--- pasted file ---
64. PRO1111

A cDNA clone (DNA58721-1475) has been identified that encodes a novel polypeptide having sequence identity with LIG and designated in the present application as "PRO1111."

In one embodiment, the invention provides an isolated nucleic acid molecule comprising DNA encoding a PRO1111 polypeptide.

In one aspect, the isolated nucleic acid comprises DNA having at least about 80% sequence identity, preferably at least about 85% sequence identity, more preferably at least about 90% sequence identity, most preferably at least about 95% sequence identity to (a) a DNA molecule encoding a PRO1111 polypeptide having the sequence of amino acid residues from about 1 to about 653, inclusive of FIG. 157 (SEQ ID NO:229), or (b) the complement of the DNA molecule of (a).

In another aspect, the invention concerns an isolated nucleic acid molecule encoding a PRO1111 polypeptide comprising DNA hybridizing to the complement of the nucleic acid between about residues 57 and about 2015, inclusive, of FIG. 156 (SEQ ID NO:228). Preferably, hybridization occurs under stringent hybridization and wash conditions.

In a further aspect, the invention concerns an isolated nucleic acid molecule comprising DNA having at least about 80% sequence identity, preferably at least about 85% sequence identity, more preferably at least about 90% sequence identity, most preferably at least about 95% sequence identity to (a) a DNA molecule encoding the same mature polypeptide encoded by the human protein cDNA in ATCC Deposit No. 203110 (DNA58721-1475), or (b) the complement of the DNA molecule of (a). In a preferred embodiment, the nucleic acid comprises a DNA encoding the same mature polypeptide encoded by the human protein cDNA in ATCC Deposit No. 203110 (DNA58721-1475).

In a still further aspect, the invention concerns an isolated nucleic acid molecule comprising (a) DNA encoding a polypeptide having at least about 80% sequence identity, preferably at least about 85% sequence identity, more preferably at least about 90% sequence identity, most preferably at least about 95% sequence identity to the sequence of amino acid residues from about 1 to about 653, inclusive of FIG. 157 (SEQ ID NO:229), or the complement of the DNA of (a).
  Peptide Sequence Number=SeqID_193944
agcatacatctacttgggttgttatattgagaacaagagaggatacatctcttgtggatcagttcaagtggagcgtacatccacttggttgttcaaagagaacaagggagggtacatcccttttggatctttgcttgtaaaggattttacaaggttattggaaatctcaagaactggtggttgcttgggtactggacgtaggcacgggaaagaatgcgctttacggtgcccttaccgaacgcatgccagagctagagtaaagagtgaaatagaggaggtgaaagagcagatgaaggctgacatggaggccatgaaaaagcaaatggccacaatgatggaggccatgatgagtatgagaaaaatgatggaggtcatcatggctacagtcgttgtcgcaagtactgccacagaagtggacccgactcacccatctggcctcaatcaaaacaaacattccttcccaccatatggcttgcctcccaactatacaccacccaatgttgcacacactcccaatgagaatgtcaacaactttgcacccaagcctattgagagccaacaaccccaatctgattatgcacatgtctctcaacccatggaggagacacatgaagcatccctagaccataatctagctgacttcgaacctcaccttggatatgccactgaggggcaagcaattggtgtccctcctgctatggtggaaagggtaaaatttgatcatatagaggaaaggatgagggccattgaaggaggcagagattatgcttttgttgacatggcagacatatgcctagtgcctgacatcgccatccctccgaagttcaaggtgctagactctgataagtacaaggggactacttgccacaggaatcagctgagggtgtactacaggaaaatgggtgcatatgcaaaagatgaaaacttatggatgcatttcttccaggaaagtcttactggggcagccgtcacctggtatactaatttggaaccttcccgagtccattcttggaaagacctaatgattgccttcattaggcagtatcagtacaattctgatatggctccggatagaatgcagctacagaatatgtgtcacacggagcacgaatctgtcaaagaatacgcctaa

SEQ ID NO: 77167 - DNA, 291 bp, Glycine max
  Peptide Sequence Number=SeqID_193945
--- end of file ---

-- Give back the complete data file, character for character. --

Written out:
64. PRO1111

A cDNA clone (DNA58721-1475) has been identified that encodes a novel polypeptide having sequence identity with LIG and designated in the present application as "PRO1111."

In one embodiment, the invention provides an isolated nucleic acid molecule comprising DNA encoding a PRO1111 polypeptide.

In one aspect, the isolated nucleic acid comprises DNA having at least about 80% sequence identity, preferably at least about 85% sequence identity, more preferably at least about 90% sequence identity, most preferably at least about 95% sequence identity to (a) a DNA molecule encoding a PRO1111 polypeptide having the sequence of amino acid residues from about 1 to about 653, inclusive of FIG. 157 (SEQ ID NO:229), or (b) the complement of the DNA molecule of (a).

In another aspect, the invention concerns an isolated nucleic acid molecule encoding a PRO1111 polypeptide comprising DNA hybridizing to the complement of the nucleic acid between about residues 57 and about 2015, inclusive, of FIG. 156 (SEQ ID NO:228). Preferably, hybridization occurs under stringent hybridization and wash conditions.

In a further aspect, the invention concerns an isolated nucleic acid molecule comprising DNA having at least about 80% sequence identity, preferably at least about 85% sequence identity, more preferably at least about 90% sequence identity, most preferably at least about 95% sequence identity to (a) a DNA molecule encoding the same mature polypeptide encoded by the human protein cDNA in ATCC Deposit No. 203110 (DNA58721-1475), or (b) the complement of the DNA molecule of (a). In a preferred embodiment, the nucleic acid comprises a DNA encoding the same mature polypeptide encoded by the human protein cDNA in ATCC Deposit No. 203110 (DNA58721-1475).

In a still further aspect, the invention concerns an isolated nucleic acid molecule comprising (a) DNA encoding a polypeptide having at least about 80% sequence identity, preferably at least about 85% sequence identity, more preferably at least about 90% sequence identity, most preferably at least about 95% sequence identity to the sequence of amino acid residues from about 1 to about 653, inclusive of FIG. 157 (SEQ ID NO:229), or the complement of the DNA of (a).
  Peptide Sequence Number=SeqID_193944
agcatacatctacttgggttgttatattgagaacaagagaggatacatctcttgtggatcagttcaagtggagcgtacatccacttggttgttcaaagagaacaagggagggtacatcccttttggatctttgcttgtaaaggattttacaaggttattggaaatctcaagaactggtggttgcttgggtactggacgtaggcacgggaaagaatgcgctttacggtgcccttaccgaacgcatgccagagctagagtaaagagtgaaatagaggaggtgaaagagcagatgaaggctgacatggaggccatgaaaaagcaaatggccacaatgatggaggccatgatgagtatgagaaaaatgatggaggtcatcatggctacagtcgttgtcgcaagtactgccacagaagtggacccgactcacccatctggcctcaatcaaaacaaacattccttcccaccatatggcttgcctcccaactatacaccacccaatgttgcacacactcccaatgagaatgtcaacaactttgcacccaagcctattgagagccaacaaccccaatctgattatgcacatgtctctcaacccatggaggagacacatgaagcatccctagaccataatctagctgacttcgaacctcaccttggatatgccactgaggggcaagcaattggtgtccctcctgctatggtggaaagggtaaaatttgatcatatagaggaaaggatgagggccattgaaggaggcagagattatgcttttgttgacatggcagacatatgcctagtgcctgacatcgccatccctccgaagttcaaggtgctagactctgataagtacaaggggactacttgccacaggaatcagctgagggtgtactacaggaaaatgggtgcatatgcaaaagatgaaaacttatggatgcatttcttccaggaaagtcttactggggcagccgtcacctggtatactaatttggaaccttcccgagtccattcttggaaagacctaatgattgccttcattaggcagtatcagtacaattctgatatggctccggatagaatgcagctacagaatatgtgtcacacggagcacgaatctgtcaaagaatacgcctaa

SEQ ID NO: 77167 - DNA, 291 bp, Glycine max
  Peptide Sequence Number=SeqID_193945